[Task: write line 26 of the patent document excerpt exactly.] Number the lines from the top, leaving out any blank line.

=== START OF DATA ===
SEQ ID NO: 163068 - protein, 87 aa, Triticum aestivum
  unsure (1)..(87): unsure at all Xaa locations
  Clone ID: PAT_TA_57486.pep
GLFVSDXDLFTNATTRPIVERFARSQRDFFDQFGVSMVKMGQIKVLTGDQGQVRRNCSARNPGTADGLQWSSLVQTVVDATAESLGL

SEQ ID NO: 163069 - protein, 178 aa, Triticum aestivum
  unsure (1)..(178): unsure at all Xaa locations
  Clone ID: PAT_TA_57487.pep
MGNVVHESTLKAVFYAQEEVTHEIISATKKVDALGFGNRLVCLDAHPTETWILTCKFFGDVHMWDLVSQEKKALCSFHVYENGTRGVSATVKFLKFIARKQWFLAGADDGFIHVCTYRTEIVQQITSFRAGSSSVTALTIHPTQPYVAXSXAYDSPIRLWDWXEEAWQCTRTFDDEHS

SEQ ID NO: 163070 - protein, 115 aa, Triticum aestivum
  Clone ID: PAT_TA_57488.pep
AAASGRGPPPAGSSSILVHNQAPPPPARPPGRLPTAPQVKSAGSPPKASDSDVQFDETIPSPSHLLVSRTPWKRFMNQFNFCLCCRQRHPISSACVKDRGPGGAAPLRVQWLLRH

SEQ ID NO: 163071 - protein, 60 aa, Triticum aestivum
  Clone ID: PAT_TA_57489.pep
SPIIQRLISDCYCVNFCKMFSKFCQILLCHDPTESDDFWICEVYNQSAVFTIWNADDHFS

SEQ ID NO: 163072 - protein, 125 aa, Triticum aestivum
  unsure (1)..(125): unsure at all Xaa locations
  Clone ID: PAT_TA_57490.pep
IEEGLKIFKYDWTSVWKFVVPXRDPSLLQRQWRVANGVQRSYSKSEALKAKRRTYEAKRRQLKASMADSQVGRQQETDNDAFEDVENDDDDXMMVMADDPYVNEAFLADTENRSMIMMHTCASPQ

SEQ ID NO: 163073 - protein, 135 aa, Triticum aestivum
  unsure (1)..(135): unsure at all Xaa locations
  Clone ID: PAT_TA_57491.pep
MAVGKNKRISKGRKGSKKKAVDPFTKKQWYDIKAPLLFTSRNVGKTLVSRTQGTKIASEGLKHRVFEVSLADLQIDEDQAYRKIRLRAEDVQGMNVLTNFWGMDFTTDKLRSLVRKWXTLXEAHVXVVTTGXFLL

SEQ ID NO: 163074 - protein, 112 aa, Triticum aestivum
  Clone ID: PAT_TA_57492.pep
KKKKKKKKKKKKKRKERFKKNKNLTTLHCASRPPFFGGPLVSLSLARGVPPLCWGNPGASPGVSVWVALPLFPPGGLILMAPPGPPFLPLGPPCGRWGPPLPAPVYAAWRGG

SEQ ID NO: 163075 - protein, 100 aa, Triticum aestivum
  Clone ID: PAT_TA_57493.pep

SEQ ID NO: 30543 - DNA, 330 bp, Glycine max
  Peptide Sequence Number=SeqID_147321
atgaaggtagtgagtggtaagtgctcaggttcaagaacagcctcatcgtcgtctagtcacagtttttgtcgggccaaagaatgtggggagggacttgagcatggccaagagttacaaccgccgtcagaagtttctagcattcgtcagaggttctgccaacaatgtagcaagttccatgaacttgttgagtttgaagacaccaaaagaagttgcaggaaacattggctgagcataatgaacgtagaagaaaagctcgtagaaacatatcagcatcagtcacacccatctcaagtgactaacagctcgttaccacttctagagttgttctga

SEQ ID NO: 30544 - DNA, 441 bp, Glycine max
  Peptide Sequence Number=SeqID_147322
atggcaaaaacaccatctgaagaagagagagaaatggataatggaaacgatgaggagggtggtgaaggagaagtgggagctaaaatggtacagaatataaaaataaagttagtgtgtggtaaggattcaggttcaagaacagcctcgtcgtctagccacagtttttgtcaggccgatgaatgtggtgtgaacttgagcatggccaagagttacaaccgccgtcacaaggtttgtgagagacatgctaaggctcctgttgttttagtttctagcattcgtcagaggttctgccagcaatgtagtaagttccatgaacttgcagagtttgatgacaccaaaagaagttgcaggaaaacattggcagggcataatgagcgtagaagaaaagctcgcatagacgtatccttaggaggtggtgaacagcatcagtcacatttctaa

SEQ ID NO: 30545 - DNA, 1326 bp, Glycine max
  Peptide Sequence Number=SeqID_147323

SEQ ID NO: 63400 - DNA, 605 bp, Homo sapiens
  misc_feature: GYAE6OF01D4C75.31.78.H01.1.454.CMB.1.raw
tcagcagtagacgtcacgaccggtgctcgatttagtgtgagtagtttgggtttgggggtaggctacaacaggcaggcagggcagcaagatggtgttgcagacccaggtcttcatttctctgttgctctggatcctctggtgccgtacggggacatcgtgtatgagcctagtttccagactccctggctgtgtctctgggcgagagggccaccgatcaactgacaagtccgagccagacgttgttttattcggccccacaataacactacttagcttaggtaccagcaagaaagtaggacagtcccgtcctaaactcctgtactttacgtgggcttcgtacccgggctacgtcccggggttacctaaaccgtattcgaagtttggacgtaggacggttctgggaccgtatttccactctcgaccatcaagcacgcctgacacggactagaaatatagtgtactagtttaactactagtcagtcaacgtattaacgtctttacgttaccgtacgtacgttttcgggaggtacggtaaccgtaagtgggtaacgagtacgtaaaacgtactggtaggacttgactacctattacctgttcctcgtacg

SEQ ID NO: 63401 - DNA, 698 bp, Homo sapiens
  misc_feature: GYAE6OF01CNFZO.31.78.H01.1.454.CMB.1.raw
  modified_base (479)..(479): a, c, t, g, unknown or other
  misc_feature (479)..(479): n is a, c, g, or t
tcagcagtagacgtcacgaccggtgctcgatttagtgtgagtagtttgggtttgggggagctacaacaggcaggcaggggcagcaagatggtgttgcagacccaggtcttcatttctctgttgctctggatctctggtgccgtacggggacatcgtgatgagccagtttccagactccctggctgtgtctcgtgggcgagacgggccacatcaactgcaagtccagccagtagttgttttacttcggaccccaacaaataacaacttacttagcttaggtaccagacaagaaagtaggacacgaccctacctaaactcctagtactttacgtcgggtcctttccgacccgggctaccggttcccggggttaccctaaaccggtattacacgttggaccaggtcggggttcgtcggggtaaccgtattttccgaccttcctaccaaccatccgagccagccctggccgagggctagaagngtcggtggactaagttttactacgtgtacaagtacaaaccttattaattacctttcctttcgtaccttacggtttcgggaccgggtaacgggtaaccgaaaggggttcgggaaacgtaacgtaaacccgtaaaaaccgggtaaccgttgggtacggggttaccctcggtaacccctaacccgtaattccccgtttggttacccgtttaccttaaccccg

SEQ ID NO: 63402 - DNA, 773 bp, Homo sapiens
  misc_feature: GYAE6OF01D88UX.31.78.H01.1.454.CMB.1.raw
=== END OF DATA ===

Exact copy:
SEQ ID NO: 163075 - protein, 100 aa, Triticum aestivum